"He would be in better shape to assure his power if there are no independent, critical civic organizations that could offer a channel for dissent and challenge to the regime," says Shifter.

Chávez's defenders deny his latest moves constitute an autocratic power-play. They say the measures are needed to defend the achievements of the "Bolivarian Revolution" from its enemies, such as those who launched a failed coup against Chávez in 2002.

The bill to regulate NGOs, for example, was introduced after Súmate, a voter education group involved in the 2004 recall drive against Chávez, was found to have received more than $30,000 from the US-funded National Endowment for Democracy. They similarly accuse RCTV and other private broadcasters of having supported the failed 2002 coup and subsequent oil strike against the government.

"They became spokesmen for the opposition and allied themselves with the coup-plotters of 2002," says Martín Pacheco, media coordinator for the Chávez reelection campaign.

Growing blacklist

With political passions on the rise, Chávez's opponents say they are bracing themselves for a renewed crackdown. Some of the 3.5 million Venezuelans on a political blacklist compiled by his government two years ago say they have noticed a recent upswing in harassment by government officials.

Rocío San Miguel, a lawyer in Caracas, appeared on the blacklist in early 2004 after signing a petition to recall the president. She was fired from her job at Venezuela's border agency a few weeks after the blacklist was posted on the Internet. Last month, her husband, a colonel in the Air Force, was barred from entering his air base.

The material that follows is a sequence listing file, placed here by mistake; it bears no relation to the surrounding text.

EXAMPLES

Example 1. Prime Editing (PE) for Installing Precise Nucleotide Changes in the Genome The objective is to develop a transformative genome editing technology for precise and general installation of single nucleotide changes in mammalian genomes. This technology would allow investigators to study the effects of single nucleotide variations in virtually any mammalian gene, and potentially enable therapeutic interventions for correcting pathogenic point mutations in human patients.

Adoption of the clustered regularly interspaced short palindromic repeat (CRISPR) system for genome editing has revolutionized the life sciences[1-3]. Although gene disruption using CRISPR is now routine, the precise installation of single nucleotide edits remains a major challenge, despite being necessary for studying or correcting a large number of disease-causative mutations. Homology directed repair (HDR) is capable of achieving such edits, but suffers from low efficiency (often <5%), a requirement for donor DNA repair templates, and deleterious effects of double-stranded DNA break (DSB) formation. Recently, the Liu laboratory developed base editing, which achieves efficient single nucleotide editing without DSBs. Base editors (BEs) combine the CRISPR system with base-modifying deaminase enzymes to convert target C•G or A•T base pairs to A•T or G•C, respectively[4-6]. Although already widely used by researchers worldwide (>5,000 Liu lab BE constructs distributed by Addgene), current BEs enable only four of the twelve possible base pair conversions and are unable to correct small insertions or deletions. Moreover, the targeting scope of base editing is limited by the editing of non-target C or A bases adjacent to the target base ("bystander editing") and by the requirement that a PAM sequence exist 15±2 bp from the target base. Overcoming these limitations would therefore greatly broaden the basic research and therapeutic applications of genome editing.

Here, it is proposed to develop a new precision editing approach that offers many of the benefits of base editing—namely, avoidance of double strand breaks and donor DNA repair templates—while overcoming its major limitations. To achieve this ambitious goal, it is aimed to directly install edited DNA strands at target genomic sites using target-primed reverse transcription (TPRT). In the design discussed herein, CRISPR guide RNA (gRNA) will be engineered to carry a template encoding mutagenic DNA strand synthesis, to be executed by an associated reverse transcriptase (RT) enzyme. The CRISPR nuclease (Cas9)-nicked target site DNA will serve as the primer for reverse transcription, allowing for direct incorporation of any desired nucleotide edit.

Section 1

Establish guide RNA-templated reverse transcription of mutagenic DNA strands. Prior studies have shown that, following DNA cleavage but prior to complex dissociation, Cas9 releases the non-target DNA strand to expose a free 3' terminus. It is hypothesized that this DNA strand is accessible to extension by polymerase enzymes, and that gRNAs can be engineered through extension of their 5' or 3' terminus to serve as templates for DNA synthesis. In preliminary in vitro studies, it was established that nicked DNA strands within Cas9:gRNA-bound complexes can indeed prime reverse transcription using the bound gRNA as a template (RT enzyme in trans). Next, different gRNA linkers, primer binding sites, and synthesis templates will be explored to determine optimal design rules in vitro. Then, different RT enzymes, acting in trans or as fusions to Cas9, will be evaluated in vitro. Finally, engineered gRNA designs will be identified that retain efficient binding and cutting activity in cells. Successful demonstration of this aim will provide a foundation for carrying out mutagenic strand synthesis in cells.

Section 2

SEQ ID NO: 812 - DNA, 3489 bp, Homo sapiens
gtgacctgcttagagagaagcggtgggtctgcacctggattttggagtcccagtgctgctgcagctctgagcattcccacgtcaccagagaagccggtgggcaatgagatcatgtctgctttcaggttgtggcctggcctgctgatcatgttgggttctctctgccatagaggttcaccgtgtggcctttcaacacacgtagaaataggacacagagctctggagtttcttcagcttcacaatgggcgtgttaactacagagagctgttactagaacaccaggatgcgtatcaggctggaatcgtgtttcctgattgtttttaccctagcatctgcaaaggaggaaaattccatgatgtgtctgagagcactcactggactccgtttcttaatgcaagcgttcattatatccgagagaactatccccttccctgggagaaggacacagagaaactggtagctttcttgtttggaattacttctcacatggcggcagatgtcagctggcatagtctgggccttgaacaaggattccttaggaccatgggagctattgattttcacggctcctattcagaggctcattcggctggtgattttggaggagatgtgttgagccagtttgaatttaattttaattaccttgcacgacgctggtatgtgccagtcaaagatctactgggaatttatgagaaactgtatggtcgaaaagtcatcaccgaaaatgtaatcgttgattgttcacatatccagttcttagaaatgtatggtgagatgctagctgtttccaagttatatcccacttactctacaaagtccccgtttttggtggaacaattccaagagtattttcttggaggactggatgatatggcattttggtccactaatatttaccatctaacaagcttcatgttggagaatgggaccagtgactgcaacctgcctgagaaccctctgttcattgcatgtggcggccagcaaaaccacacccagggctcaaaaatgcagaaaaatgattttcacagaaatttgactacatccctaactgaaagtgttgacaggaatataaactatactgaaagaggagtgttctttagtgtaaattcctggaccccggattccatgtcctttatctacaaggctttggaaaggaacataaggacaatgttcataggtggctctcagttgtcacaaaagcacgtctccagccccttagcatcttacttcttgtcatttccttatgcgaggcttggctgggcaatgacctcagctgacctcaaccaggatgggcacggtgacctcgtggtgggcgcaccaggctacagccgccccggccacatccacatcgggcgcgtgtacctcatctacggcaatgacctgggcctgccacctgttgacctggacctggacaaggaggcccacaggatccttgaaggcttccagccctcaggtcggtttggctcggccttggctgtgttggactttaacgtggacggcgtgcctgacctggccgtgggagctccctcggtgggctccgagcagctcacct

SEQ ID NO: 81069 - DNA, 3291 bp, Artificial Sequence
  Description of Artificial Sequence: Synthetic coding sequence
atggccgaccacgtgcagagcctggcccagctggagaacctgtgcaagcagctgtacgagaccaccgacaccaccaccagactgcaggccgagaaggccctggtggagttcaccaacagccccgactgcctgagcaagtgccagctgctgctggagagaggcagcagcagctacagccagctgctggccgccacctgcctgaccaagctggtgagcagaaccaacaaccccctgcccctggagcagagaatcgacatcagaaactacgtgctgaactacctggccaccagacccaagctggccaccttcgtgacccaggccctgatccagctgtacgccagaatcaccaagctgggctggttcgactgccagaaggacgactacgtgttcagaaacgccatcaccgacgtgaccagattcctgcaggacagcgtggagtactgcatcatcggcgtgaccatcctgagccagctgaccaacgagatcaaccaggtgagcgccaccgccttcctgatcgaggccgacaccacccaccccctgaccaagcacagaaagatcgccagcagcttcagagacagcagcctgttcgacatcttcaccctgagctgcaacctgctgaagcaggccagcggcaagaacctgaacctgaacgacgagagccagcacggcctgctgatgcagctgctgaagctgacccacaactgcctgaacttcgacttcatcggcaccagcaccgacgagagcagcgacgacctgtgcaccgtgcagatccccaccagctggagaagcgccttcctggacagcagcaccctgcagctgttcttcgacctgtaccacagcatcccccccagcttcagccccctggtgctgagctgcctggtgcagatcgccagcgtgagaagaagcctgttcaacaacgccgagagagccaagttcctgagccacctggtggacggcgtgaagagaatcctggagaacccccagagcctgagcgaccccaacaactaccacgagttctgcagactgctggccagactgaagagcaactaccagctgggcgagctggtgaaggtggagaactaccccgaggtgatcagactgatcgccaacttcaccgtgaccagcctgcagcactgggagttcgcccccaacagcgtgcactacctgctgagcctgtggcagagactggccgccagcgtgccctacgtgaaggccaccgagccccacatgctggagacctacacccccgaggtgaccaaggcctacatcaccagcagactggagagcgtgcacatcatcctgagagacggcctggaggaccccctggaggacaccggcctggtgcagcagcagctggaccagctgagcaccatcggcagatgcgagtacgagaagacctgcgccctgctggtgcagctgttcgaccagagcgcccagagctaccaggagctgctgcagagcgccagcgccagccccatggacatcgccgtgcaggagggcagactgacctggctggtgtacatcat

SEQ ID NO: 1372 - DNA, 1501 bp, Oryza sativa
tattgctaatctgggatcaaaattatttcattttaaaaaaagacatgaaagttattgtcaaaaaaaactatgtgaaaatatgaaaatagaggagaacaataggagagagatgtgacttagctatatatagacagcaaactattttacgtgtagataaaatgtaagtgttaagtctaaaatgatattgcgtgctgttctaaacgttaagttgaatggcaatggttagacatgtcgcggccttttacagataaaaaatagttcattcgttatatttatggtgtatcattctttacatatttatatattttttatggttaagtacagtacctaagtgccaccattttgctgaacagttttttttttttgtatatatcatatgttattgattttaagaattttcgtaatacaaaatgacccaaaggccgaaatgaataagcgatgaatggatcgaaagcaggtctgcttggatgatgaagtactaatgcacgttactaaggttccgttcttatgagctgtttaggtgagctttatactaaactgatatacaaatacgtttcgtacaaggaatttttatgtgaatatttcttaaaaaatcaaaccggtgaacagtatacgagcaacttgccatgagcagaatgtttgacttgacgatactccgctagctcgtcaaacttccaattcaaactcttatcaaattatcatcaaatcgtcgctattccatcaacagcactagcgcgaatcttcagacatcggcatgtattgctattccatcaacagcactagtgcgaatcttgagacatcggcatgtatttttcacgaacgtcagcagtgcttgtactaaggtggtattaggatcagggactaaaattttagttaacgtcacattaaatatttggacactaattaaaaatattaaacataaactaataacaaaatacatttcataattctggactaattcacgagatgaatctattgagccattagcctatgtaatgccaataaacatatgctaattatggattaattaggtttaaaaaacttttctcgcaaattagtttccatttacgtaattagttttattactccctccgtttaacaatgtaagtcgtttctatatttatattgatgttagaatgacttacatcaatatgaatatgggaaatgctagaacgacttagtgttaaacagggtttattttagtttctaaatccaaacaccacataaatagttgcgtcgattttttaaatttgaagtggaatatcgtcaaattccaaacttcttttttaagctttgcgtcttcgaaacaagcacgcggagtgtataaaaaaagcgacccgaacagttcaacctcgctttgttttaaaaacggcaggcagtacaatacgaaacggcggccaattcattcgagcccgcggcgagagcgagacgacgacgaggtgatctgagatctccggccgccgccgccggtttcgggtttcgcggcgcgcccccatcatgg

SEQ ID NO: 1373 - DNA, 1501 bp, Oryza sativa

"Not only have they ended my career, now they are ending his," says Ms. San Miguel, adding that she is now more fearful than ever. "The day after the election, my daughter asked me, 'Is something going to happen to you now that Chávez has won?' "

Opponents say the list is used to screen applicants for jobs, social benefits, identity cards, scholarships, and credit from state banks. Government aides deny this. "It's absurd to think there is political discrimination here," says Mr. Pacheco.

One woman, who requested anonymity for fear of reprisals, says she was fired from her government job just before the Dec. 3 election, along with several others.

"That list is used all the time," she says. "People are very scared."

Toward socialism

CARACAS, VENEZUELA – As Venezuela embarked on another six years under Hugo Chávez, the president announced plans to nationalize power and telecommunications companies. He also said he wanted a constitutional amendment to strip the Central Bank of its autonomy and would soon ask the National Assembly, solidly controlled by his allies, to approve "a set of revolutionary laws" by presidential decree.

"We're heading toward socialism, and nothing and no one can prevent it," he said in a televised address after swearing in his new cabinet on Monday.

Chávez also said lucrative oil projects in the Orinoco River basin involving foreign oil companies should be under national ownership. Critics say he is following in the footsteps of Cuban leader Fidel Castro.

– Associated Press